You will also be able to choose which datasets can be shared with each site you visit; the more you share, the better customized to your needs and easier to use the site will become.

Refusing to use the magic key for a site at all means you will be no worse off than you are today, clicking on “each square that contains a traffic light” in order to prove you are a human being and getting it wrong.

The question posed in this article’s headline is, who is going to trust their carrier to safeguard their online identity? Who is going to put all of their personal data eggs into that leaky, broken basket? Not I, and I suspect not many of my readers.

Your thoughts on this topic are welcome. Post your comment or question below...

 
Ask Your Computer or Internet Question

  (Enter your question in the box above.)

It's Guaranteed to Make You Smarter...

AskBob Updates: Boost your Internet IQ & solve computer problems.
Get your FREE Subscription!


Email:

Check out other articles in this category:



Link to this article from your site or blog. Just copy and paste from this box:

This article was posted by on 14 Sep 2018


For Fun: Buy Bob a Snickers.

Prev Article:
Announcing iPhone XS and Apple Watch 4

The Top Twenty
Next Article:
[ALERT] SIM Swapping Scams

Most recent comments on "Let My Phone Company Be My Online Identity – Are You Kidding?"

(See all 42 comments for this article.)

Posted by:

Lady Fitzgerald
14 Sep 2018

Lessee... Data harvesting in the name of security by entities known to have been hacked at sometime or another on poorly secured devices with plans I have to pay through the nose ford. What a wonderful idea, right up there with openly publishing all my personal details on every internet site. like, what could go wrong?

Oh, wait. I don't have a smart phone. Does this mean they will give me one and pay for my data plan? Gee, what a kind offer!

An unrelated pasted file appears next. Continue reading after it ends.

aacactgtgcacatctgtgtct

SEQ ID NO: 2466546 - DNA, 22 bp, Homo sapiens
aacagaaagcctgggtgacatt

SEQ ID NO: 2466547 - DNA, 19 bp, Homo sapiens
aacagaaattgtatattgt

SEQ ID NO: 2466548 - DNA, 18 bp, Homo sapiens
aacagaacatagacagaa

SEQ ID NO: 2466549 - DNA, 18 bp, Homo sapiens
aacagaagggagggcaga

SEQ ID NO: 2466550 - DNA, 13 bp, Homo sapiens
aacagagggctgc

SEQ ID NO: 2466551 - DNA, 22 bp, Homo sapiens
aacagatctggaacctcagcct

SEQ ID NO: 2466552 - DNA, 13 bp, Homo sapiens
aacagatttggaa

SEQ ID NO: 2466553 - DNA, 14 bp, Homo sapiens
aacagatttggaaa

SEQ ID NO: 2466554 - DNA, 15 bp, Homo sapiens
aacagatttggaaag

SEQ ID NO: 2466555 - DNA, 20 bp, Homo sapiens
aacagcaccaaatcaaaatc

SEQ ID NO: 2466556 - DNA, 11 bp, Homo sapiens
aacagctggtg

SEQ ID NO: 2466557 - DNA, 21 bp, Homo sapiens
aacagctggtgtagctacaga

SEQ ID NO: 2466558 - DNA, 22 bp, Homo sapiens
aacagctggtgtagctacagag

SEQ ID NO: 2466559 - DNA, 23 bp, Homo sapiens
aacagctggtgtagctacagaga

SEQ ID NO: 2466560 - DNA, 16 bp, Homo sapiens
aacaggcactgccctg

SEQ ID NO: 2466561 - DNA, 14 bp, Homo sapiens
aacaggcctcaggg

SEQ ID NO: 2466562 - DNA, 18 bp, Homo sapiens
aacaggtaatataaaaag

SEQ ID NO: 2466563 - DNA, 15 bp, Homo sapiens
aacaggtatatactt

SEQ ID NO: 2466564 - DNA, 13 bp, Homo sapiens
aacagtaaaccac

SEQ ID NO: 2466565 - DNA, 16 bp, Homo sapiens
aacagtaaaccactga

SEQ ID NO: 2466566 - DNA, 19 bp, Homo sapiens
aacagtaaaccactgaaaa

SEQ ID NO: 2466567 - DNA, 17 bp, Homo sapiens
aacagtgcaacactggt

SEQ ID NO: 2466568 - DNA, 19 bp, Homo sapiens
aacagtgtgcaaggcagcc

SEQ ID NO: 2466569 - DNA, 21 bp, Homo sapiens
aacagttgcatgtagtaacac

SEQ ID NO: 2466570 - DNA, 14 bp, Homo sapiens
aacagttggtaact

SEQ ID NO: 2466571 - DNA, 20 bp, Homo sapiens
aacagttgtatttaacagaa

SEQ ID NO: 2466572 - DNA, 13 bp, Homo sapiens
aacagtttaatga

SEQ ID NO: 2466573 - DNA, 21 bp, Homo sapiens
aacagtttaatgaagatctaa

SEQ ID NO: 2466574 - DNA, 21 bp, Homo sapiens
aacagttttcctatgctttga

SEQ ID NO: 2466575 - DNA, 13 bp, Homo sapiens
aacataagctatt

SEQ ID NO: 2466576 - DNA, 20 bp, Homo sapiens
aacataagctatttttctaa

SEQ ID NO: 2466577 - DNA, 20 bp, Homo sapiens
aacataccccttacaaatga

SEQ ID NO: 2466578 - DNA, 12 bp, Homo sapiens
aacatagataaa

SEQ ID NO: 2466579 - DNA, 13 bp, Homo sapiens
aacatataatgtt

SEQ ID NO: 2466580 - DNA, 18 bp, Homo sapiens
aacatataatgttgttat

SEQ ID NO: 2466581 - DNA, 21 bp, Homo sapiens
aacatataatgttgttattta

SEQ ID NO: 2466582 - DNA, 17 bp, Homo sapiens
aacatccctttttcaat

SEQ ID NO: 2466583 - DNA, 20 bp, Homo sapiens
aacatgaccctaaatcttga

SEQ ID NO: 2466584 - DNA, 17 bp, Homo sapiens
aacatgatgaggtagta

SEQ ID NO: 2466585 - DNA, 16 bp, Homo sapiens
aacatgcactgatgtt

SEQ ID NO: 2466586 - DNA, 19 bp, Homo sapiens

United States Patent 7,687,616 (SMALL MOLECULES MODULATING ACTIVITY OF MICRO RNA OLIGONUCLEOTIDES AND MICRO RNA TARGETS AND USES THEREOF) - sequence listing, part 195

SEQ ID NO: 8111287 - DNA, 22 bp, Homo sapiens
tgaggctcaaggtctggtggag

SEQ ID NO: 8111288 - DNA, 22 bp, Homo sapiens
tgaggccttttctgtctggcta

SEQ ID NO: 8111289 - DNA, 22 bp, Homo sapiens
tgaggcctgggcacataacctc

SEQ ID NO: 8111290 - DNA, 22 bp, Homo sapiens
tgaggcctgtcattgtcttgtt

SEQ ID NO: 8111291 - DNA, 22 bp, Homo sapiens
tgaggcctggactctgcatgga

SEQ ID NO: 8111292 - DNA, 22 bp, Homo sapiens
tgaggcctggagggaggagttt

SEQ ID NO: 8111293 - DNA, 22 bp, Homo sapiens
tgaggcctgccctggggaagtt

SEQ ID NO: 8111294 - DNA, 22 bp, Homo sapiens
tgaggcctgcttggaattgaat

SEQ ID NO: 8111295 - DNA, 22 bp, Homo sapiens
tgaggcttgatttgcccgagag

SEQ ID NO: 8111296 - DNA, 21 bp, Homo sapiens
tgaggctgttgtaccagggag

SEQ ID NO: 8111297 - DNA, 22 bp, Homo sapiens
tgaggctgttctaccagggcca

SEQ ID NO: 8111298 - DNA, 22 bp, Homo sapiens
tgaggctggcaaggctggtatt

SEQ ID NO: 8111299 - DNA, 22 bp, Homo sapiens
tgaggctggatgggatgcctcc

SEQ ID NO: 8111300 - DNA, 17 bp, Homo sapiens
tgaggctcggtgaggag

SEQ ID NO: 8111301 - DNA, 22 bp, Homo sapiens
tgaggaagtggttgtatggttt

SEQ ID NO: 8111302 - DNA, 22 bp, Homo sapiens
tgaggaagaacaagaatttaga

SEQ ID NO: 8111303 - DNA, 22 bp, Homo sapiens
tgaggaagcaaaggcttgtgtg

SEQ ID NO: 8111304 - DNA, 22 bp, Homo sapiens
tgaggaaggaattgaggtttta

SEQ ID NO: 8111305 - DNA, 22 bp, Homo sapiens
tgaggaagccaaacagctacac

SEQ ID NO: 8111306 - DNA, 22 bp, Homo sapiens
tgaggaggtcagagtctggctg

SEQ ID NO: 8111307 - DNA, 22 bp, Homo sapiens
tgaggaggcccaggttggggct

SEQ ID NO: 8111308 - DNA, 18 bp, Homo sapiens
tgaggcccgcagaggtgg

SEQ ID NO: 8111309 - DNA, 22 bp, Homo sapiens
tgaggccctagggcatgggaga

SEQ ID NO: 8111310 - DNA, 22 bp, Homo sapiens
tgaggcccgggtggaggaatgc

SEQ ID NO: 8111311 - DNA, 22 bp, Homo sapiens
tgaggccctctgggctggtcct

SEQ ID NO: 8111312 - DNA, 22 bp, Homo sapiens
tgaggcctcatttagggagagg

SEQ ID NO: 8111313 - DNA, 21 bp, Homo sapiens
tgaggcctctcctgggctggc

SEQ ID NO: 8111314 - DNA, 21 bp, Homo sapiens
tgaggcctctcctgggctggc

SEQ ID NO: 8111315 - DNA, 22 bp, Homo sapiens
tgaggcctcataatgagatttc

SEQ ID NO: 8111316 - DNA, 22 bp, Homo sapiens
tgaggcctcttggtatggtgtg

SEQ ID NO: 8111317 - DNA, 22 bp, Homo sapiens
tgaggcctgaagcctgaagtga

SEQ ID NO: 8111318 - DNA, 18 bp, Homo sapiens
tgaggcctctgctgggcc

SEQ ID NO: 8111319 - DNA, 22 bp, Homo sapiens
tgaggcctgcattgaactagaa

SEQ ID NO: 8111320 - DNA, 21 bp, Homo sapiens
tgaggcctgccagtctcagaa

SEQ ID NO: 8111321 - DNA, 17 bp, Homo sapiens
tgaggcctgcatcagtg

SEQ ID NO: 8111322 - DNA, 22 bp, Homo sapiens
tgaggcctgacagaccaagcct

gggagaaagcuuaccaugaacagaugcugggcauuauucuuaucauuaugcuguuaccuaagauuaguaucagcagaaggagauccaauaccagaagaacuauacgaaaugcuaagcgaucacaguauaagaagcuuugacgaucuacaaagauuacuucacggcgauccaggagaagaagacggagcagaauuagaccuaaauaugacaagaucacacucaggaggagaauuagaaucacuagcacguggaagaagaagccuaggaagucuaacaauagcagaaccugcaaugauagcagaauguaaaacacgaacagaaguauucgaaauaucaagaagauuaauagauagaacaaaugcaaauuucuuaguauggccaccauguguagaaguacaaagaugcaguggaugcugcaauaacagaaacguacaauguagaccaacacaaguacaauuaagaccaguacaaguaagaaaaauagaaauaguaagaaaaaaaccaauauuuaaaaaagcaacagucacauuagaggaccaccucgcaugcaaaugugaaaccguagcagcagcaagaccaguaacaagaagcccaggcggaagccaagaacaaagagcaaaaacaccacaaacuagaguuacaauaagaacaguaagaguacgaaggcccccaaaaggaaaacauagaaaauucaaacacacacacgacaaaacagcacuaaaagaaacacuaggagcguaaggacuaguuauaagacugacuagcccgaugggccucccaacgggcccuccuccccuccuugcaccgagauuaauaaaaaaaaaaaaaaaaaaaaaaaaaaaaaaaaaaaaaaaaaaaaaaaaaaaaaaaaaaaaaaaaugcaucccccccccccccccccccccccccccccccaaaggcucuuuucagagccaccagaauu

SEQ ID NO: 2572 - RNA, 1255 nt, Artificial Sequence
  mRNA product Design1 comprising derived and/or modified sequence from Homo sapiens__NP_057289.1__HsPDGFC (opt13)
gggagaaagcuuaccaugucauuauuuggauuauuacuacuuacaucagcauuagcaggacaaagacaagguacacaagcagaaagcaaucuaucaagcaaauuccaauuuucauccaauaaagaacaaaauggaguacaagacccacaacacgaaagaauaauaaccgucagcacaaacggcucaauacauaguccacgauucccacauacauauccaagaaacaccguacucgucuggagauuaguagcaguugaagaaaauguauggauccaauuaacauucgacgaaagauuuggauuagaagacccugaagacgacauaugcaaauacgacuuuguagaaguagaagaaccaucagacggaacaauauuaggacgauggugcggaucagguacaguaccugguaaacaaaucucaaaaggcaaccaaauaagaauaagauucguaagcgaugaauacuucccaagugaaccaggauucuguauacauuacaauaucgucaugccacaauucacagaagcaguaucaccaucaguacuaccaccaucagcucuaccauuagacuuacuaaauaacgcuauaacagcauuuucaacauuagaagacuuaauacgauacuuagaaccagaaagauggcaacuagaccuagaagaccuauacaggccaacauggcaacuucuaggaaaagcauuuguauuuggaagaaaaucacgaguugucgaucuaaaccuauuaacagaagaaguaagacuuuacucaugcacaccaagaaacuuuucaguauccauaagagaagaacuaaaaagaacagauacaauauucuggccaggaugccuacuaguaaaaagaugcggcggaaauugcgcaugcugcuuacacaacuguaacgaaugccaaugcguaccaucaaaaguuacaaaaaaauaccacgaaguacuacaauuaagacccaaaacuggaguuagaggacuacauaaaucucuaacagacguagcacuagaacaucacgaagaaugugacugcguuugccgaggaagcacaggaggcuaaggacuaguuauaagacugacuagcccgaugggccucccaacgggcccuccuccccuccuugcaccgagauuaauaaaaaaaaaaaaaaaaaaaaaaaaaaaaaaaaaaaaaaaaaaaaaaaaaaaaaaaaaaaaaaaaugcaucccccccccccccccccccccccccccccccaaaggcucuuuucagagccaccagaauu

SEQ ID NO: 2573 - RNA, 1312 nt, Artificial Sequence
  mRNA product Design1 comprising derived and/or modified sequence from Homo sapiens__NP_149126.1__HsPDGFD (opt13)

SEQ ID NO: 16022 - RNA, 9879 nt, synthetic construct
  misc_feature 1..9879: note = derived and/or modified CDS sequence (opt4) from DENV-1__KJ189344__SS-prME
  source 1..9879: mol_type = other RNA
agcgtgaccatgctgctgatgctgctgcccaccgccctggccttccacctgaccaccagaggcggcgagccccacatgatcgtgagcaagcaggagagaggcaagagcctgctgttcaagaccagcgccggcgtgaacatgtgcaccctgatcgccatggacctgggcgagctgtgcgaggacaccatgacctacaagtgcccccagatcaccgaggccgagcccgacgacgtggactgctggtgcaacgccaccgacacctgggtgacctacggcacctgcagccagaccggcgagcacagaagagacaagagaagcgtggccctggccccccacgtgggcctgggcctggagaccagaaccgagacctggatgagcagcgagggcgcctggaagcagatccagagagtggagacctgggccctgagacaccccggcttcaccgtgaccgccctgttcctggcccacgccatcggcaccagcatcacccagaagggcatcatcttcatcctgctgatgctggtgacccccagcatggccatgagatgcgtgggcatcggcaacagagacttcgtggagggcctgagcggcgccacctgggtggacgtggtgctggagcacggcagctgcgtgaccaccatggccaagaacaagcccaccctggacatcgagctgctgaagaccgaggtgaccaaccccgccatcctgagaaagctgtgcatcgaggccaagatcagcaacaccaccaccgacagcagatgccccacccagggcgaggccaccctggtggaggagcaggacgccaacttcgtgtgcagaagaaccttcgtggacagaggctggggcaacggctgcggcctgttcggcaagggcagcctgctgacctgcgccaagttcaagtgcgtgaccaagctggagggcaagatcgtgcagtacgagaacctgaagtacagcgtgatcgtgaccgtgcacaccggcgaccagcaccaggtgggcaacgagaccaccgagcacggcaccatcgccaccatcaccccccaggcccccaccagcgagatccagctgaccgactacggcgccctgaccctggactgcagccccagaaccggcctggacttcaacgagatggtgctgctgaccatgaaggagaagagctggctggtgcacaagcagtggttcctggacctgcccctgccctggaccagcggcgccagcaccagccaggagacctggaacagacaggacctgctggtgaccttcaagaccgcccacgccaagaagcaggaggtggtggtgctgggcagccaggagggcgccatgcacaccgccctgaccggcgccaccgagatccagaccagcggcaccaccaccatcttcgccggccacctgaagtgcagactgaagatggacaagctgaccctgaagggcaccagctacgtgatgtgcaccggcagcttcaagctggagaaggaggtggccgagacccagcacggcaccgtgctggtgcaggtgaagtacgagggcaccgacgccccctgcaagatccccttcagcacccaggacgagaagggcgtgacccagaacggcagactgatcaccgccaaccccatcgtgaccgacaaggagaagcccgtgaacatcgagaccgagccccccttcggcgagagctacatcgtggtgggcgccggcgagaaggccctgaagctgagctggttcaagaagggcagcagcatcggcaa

Posted by:

Lady Fitzgerald
14 Sep 2018

Lessee... Data harvesting in the name of security by entities known to have been hacked at sometime or another on poorly secured devices with plans I have to pay through the nose ford. What a wonderful idea, right up there with openly publishing all my personal details on every internet site. like, what could go wrong?

Oh, wait. I don't have a smart phone. Does this mean they will give me one and pay for my data plan? Gee, what a kind offer!


Posted by:

GregK
14 Sep 2018

I am an old fart who does not get my service from one of these companies because I don't use my phone enough to warrant wasting that much money for service. And I would trust them about as much as I would trust the government saying I'm here to help you along with these companies. NO WAY!!!!


Posted by:

Chris
14 Sep 2018

About 50% of the populace will blindly dive into this. They don't read EULA's or understand the outcome of the last election. Seems the developers don't fully trust this either, since Financial Institutions will be exempt. Evidently.... they know everything is crack-able and don't want to cover H-U-G-E banking loses. Everyone is in search of the "mark of the Beast"....


Posted by:

Frank Starr
14 Sep 2018

Until Anonymous and some white hat hackers create something like an identity VPN system, with multiple identities and multiple fake data for all such sites, there's no way that I would even think of using this sort of verification.
As they always said on the X-Files: trust no one! I'd say that especially applies in this case.


Posted by:

Lajoes
14 Sep 2018

That's what Bit Coin said every time they were hacked.

That's what Experian said before and after they were hacked.

That's what x said before I was hacked....


Posted by:

Lucy
14 Sep 2018

The comments posted thus far confirm that you were correct Bob in assuming your readers would not participate, but there are so many who will blindly follow this insane, IMO, idea.
Lajoes is correct in his comments about hacking, and I cannot ever imagine handing over all our info to the phone company!
BTW, my phone company don't really "like" me because I have a flip phone, with no data plan, and won't accept their constant offers to "upgrade" so I expect they will really, really dislike me when I won't sign up for this!


Posted by:

Allan Brunner
14 Sep 2018

A stupid idea; about as unintelligent as the suggestion of putting your passport on to your mobile! If I want my identity stolen and life taken over, I'm quite capable of being stupid myself without any assistance from a mobile phone providor or ISP. Given the number of major hacks over the last few years, would you trust these people to keep you safe? The recent BA hack was 22 lines of code inserted into the baggage module - that is all it took!


Posted by:

Larry
14 Sep 2018

No way, Jose. I do not let any website, provider, etc. "remember" me. I have been a victim of data breaches and am very careful about my ID on line. These providers can go **** themselves. I'd never subscribe to this kind of stupidity.